Mark you this law does NOT mean that speculators, foreign exchange swindlers, real estate developers, white collar criminals, cabinet ministers, fly by night corporate shells and other familiar mainstays of a neo-colonial economy will fail to make a killing over dubious, often corrupt politically connected wheeling and dealing here and there. The rich will continue getting richer; the unscrupulous will hit the occasional jackpots and the sleazy gate-keepers connected to Treasury House will continue building new mansions in Runda, Nyali and other bwanyenye locales in the surburban peripheries of Kenya's major cities and towns.

But this theory will hold true for major long term investments in the PRODUCTIVE sector of our economy- the only sector which in my opinion can be a reliable indicator of the internal exuberance and relative autonomy of our economy.

4.0. Should We Fix The Hole in the Kenyan Bucket?

Why do I advance the Hole in the Bucket Law for the Kenyan Economy?

Simply because it is true.

Since 1963 we have seen literally a handful of Kenyan families mushroom to be millionaires, multi-millionaires, billionaires and multi-billionaires. I am talking about the Kenyatta family, the Moi family, the Kibaki family, the Chandaria family, the Biwott family, the Nyachae family and the handful of other filthy rich families. The Kenyatta family, for instance, owns land which is the size of the entire Nyanza province. Officially the two richest people in Africa are Nicky Oppenheimer of the South African DeBeers conglomerate with a net worth of £2.8 Billion and Onsi Sawiris with an estimated fortune of £2.1 Billion. Yet we do not know where the Mois and Biwott's really stand because like the Mafia barons of Italy, their lucre is wrapped in a thousand shady blankets of blood-curdling senior state secrets that are often sealed by murder, bribes and destruction of records.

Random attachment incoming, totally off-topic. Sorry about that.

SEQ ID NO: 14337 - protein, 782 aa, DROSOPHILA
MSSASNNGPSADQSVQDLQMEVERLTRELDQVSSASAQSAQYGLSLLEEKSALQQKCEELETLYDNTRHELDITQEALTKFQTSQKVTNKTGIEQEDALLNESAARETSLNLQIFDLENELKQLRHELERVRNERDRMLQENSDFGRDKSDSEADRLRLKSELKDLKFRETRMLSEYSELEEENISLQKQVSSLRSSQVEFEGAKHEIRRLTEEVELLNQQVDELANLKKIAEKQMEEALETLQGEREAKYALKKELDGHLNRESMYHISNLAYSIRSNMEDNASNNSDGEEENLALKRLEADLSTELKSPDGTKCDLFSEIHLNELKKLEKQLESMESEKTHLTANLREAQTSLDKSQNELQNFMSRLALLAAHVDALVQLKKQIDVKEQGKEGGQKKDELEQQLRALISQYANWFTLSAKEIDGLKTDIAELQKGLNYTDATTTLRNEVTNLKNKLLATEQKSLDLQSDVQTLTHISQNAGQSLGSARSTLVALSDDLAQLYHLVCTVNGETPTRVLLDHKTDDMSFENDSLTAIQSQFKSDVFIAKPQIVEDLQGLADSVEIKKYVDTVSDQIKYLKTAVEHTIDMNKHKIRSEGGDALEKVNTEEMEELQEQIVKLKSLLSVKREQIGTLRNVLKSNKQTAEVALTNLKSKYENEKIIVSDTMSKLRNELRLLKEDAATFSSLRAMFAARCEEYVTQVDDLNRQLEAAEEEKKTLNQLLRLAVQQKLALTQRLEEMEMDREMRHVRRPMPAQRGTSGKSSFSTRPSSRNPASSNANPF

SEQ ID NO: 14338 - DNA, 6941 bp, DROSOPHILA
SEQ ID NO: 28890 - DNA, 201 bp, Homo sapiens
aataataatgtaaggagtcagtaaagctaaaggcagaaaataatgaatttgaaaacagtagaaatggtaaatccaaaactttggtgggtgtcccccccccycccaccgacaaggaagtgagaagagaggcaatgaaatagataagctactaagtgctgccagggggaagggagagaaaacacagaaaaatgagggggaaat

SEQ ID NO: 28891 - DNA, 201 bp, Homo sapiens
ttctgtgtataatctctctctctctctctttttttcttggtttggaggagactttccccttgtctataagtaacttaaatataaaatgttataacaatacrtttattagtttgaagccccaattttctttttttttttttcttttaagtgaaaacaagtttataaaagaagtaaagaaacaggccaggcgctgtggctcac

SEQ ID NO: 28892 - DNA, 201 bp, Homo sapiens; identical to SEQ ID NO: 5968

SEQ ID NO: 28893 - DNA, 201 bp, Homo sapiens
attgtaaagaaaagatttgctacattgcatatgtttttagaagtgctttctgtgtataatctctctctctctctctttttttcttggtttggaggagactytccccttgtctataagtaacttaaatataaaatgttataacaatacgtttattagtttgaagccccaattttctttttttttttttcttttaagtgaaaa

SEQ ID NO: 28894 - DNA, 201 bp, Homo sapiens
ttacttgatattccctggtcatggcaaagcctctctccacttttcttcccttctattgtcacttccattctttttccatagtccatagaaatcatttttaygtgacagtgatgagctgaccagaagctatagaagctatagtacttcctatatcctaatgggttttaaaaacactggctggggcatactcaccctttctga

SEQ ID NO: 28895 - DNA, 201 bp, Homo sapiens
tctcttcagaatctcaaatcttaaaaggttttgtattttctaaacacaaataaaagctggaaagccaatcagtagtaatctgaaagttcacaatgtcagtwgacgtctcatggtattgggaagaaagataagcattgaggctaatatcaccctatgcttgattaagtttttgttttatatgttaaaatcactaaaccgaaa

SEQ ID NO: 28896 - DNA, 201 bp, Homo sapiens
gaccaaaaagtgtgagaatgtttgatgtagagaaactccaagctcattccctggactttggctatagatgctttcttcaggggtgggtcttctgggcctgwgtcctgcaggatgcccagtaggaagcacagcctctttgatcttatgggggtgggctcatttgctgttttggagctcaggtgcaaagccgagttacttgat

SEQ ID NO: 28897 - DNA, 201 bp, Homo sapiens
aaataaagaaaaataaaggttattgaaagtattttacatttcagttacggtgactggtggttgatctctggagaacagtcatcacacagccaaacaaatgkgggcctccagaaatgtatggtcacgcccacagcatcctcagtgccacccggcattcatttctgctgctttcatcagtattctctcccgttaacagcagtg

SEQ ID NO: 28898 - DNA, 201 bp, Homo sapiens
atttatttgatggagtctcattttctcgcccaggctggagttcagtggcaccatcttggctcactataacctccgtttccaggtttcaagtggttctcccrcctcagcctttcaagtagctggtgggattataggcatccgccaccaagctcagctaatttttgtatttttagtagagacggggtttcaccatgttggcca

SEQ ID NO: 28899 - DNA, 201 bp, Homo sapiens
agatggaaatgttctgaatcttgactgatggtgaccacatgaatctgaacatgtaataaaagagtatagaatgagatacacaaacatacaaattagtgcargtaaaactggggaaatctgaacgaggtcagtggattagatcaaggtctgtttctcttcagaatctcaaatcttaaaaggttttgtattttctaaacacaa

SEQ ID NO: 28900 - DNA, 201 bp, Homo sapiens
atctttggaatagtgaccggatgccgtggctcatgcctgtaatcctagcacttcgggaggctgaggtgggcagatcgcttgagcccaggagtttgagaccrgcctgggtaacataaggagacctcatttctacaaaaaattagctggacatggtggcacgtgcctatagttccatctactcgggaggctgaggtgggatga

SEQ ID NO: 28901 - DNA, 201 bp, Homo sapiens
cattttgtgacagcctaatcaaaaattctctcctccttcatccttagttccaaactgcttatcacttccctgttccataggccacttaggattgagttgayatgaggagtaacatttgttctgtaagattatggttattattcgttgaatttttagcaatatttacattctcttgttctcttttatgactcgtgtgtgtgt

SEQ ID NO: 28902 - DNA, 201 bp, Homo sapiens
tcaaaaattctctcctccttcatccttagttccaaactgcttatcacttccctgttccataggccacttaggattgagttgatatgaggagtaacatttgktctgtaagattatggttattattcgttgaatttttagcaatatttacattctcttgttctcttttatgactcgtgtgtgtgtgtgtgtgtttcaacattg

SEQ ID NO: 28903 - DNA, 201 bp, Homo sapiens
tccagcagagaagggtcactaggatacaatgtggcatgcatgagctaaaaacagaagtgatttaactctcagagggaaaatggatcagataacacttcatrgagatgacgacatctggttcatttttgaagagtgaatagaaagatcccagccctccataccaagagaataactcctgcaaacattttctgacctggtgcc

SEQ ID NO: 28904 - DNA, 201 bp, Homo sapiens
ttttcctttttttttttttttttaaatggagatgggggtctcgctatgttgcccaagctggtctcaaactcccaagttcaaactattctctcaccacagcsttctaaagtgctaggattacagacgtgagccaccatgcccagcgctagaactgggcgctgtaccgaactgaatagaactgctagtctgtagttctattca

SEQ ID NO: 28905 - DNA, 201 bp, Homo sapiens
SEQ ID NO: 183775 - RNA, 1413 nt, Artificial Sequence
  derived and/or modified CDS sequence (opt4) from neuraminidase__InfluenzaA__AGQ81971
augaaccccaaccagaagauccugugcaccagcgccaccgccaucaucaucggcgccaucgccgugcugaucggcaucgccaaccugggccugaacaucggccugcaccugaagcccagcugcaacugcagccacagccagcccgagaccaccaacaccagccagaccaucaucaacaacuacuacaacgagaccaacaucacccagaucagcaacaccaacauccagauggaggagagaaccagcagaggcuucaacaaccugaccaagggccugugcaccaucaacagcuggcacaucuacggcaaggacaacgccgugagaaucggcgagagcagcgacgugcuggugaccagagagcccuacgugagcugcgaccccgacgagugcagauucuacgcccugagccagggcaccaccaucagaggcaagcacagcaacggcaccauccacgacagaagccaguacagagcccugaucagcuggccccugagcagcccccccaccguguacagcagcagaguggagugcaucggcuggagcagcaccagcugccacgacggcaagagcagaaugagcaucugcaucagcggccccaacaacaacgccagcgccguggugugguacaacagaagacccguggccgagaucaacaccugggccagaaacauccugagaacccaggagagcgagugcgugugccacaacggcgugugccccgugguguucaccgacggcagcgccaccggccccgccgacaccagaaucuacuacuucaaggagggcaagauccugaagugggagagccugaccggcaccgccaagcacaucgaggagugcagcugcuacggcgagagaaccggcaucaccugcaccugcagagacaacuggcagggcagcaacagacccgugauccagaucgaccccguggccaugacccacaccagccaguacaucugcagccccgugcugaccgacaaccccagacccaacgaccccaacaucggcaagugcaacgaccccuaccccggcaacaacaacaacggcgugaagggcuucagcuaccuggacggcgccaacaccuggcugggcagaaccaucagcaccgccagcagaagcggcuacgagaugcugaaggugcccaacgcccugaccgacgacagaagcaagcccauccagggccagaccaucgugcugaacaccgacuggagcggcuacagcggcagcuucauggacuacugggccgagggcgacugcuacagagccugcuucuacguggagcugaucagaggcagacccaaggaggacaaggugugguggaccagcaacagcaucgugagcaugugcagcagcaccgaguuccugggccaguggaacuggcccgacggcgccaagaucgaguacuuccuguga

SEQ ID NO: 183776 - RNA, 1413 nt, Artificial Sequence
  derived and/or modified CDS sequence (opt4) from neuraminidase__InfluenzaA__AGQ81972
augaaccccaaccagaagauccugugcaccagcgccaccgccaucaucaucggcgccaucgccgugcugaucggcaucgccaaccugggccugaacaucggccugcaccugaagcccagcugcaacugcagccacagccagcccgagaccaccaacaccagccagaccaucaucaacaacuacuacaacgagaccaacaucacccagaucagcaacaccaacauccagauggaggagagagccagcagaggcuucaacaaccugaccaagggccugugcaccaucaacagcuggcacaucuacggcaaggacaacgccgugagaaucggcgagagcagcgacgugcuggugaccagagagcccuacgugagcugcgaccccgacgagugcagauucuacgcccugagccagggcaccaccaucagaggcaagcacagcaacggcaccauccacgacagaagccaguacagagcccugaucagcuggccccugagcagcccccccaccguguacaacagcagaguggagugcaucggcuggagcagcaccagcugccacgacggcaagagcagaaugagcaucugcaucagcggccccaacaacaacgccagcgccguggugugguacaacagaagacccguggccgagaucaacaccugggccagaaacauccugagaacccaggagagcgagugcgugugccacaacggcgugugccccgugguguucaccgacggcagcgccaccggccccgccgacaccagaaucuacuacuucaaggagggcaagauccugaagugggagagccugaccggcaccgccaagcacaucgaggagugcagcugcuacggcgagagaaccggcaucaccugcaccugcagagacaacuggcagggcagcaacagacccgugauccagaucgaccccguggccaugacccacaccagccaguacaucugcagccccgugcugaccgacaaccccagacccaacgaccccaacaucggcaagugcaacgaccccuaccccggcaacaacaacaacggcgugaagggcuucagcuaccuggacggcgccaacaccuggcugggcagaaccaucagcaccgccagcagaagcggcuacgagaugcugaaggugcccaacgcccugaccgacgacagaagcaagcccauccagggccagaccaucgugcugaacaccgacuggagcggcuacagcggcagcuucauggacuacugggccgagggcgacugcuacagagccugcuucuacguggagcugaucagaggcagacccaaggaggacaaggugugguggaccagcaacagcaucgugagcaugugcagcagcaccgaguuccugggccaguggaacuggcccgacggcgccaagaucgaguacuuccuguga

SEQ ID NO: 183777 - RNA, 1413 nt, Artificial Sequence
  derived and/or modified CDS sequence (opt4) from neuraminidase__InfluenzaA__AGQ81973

In spite of their collective wealth- largely derived from the milk cow called the neo-colonial state apparatus- we see the Kenyan economy sinking deeper and deeper in the doldrums with reports indicating that 10 million Kenyans could be facing starvation in a few months.

In the meantime, those who have not yet joined those rarefied ranks- like the Murungarus, the Ndwigas and the others are desperately using their government positions to get there.

And even outside the ruling bloc we see many politicians hoping to use anything- including the fact that they are elected members of parliament kujitafutia utajiri na makuu. Nothing illustrates this more starkly than the story I saw on Kenyan parliamentarians making fake mileage claims.

Click here to read the full article.

One of the most amazing factoids in that story has to do with

Boniface Mghanga, he of the famed

Muungano National Choir and now KANU MP for Voi. Less than a year ago, on Saturday, June 5, 2004 I saw him in Toronto as an ordinary MP visiting Canada. Today he is an assistant minister. But it is as an MP that he was ILLEGALLY overpaid to the tune of a whopping Sh537,875. The person who is touted by the LDP as posing a very strong challenge for the presidency come 2007,

Kalonzo Musyoka was also the beneficiary of a dubious payment of Sh516,111.

Both men by the way, if I am not mistaken claim to be very devout Christians.

Can these political hyenas protect the poultry farm which is the Kenyan economy?

Not as long as they hanker for their next meal- of chicken meat served rare, dripping with fresh blood.

Fixing the Kenyan neo-colonial economy is akin to trying to fix the hole in the bucket in Belafonte's song-an impossible task.

In other words both Liza and Henry in the Belafonte song should have realized that they need to throw out that old bucket with that hole in it if they want to any kind of water.

They need a new bucket.

A bucket WITHOUT a hole in it.

The trick is NOT to tinker with this or that aspect of the Kenyan economy- the trick is to create a brand new economy based on new relationships and new values.

I have tried to suggest one way in which we can try to bring social prosperity in Kenya.

I am pretty you have even better ideas.

Let us share them.

Onyango Oloo